Proof: We shall employ some sufficiently large number N of candidates distributed circularly symmetric normally outside of a circular "hole" with radius A, for some small constant A with 0<A<1/2. We make this normal density have characteristic width 1/A. Then (as we saw in the preceding theorem) Condorcet will elect the candidate closest to C, which is the center of both the hole and the voter-Gaussian and the candidate-Gaussian, with probability→1 in the V→∞ limit. Make the utility function of voter-candidate distance S have utility=1 if 0≤S<2A and then decrease smoothly toward 0 as S increases, in fact having utility=0 if S>1/A. If N is large, then with high probability the Condorcet candidate will both exist (by Davis et al.) and lie near the inner (radius=A) circle and at a uniformly random angle. It therefore will have mean regret bounded below by a positive number which depends on ε.
This particular scenario has been set up, meanwhile, to cause honest range voting to act like "honest utility voting" because (with probability→1) essentially every voter's min- and max-utility candidates will have utilities 0 and 1 respectively, so that every voter rescales her utility with the same scale factor to generate her range vote. Range voting therefore will (with probability→1 in the V→∞ limit) deliver the optimum-utility winner, i.e. achieving zero regret. QED.
THEOREM 3 (Honest approval's optimality with independent distance-threshholds): Let the V voters and N candidates each be points in a D-dimensional issue space with N≥1 and D≥1 fixed. Let the utility of each candidate for each voter be a fixed decreasing function of the Euclidean distance between them, which decreases to zero sufficiently quickly at ∞ (or it is acceptable for it to tend to any other constant, of course). Suppose the voters are distributed according to a radially-decreasing probability density spherically symmetric about some centerpoint C, with each voter chosen independently from that density (and again we need this density to decrease sufficiently quickly at ∞, but never reaching 0). Suppose the distances from the candidates to C are distinct. Suppose we employ "approval voting" where each voter approves all candidates Euclidean distance<R away from her location (and if the distance exactly equals R, then she tosses a fair coin to decide whether to approve him). Here R can be a positive constant, or each voter independently chooses R at random according to some fixed probability density on the positive reals. (Either assumption yields a valid theorem.) Then in the limit V→∞, the best (i.e. regret-minimizing) candidate will be elected with probability→1.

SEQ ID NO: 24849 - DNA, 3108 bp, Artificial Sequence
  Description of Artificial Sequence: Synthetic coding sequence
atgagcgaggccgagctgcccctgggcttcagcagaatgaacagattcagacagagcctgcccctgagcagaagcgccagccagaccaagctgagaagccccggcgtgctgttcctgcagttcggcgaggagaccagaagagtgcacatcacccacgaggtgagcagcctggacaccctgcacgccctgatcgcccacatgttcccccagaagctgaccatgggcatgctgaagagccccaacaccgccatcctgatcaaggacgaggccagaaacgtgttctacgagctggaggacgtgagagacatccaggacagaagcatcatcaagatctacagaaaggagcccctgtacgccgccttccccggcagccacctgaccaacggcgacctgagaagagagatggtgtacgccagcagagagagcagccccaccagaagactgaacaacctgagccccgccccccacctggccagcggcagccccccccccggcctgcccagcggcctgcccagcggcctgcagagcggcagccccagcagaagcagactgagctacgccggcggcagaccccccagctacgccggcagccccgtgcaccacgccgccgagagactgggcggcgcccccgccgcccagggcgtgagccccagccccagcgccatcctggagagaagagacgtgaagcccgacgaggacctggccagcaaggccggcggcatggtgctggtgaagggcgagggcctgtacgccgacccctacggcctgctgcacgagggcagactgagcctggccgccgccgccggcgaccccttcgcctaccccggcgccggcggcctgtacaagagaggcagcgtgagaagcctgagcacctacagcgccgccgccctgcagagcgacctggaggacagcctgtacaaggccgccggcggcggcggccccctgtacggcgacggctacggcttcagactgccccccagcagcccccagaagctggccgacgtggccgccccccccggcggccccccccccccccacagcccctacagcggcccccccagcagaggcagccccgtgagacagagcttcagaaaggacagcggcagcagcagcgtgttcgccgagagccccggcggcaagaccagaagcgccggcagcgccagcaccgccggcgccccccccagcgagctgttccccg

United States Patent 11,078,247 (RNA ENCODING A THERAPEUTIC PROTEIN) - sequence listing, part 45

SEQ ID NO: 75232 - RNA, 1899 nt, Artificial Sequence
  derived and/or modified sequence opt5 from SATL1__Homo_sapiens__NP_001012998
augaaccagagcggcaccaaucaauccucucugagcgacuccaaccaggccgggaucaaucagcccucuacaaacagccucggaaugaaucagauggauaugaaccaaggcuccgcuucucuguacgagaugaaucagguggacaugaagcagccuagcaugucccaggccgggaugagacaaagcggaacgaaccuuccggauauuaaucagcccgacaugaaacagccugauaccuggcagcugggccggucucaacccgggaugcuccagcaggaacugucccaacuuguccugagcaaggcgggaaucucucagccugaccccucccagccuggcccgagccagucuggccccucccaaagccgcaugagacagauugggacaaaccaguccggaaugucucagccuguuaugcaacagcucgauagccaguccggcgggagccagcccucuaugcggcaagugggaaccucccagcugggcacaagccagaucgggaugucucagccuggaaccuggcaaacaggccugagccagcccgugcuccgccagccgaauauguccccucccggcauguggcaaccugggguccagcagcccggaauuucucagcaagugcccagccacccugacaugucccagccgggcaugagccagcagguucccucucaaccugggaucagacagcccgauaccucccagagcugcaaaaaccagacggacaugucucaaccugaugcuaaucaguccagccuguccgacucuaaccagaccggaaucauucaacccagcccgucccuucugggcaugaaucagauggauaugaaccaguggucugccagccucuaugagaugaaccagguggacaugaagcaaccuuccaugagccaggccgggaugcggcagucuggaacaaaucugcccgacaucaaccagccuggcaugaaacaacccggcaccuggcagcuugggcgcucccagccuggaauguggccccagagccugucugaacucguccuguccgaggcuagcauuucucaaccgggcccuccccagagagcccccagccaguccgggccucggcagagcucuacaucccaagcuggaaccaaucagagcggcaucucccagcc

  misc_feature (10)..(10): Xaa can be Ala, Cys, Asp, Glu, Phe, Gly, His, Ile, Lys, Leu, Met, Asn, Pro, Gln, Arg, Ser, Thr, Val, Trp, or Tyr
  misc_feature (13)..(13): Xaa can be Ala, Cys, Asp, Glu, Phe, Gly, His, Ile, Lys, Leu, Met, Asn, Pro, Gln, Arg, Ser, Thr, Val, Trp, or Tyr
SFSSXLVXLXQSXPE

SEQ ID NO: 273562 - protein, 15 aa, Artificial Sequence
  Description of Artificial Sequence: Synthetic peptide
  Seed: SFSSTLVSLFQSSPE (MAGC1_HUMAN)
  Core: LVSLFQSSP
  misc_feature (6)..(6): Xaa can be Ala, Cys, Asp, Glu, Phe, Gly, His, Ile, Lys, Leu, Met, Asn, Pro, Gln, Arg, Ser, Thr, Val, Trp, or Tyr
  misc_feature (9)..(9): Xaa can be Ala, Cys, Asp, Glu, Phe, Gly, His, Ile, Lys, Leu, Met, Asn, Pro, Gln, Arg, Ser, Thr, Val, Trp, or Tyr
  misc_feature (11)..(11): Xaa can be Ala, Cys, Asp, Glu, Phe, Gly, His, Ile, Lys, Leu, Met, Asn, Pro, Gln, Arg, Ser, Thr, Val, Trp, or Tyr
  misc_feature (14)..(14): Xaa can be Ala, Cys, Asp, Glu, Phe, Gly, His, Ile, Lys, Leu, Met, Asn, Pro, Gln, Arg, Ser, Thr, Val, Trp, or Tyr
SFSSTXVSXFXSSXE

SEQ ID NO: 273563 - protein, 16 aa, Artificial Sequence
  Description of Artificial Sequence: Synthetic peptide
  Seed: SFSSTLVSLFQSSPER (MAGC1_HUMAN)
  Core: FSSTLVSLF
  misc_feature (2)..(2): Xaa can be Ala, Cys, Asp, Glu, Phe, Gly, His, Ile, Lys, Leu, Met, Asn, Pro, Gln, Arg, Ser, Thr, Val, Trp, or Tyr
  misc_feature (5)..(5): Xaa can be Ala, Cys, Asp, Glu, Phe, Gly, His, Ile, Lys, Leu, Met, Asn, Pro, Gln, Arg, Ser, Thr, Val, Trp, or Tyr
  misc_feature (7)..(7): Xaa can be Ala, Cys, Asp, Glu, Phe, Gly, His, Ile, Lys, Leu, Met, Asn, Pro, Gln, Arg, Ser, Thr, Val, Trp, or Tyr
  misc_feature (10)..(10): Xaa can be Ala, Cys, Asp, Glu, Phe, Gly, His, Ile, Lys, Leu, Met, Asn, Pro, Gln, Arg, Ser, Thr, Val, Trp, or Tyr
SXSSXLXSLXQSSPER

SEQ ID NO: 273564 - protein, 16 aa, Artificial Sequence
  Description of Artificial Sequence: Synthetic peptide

Proof. Employ the same Beckner theorem as in part 3 of the proof of theorem 1 to see that expected number of approvals garnered by a candidate will be a decreasing radial function of his position. Then by the strong law of large numbers the closest candidate to C (the center of symmetry of the voter distribution) will win, which as we proved before is the one with least regret – both claims holding with probability→1 in the V→∞ limit. QED.
THEOREM 4 (Optimality of iterated strategic approval voting): Same assumptions as the preceding theorem, except now we repeatedly redo the approval voting election until the winner stops changing; each voter strategically changes her distance-threshhold R each election to be the distance to the winner of the preceding round. Then in the limit V→∞, the procedure will terminate after a finite number of rounds, whereupon it will elect the best (i.e. regret-minimizing) candidate – both with probability→1.
Proof. From theorem 1 we know that a Condorcet winner W exists with probability→1. Because W is pairwise-preferred over each rival X, W will, in every round after the first, get more approvals than the preceding round's winner (with probability→1). Hence the winner must keep changing from round to round until the winner is W at which point it must stay there, whereupon the process terminates. Since each round the winner changes (with probability→1) to somebody pairwise-preferred, and since we know from Davis, DeGroot, and Hinich 1972 and the strong law of large numbers that (with probability→1) no cycles exist in the pairwise-preference digraph, the process must terminate. QED.
REMARK. The optimality of these kinds of approval voting also are artifacts of spherical symmetry and the exact same theorem 2 and proof show that.
The "YN-model" is a simple model of voting (with a fair amount of realism) in which range voting performs optimally with "honest voters."
DEFINITION: There are D independent "issues" and 2^{D} "candidates"; each candidate announces a clear yes or no stance on each issue, and by some benificent miracle we have a full democratic marketplace, i.e, every possible issue-stance is represented. Hence in the case D=4 we could name the 16 candidates YYYY ("yes" on all 4 issues), YYYN, YYNY,..., NNNN. We shall suppose, for each voter, the utility of electing any given candidate is just the number of issues on which that candidate agrees with the voter. Finally, we suppose without loss of generality that all D issues each would win if put to a single-issue yes/no vote, therefore the objectively best candidate is YYYY.
(The "without loss of generality" is because we could just rename the issues to make "yes" become "no" for that issue, e.g. the issue "raise taxes?" becomes "do not raise taxes," so with such canonical renaming we can always cause the best candidate to be named YYYY.)
REMARK: Most previous analyses of voting system "properties" ignore the fact that "issues" exist and candidates have stances on them. The YN model is approximately the simplest and most natural possible voting model which doesn't ignore that. It turns out that honest range voting is always optimal in the YN model and is "self consistent." But most other commonly proposed voting methods turn out to be both "self contradictory" and non-optimal (indeed they can even behave pessimally) in the YN model.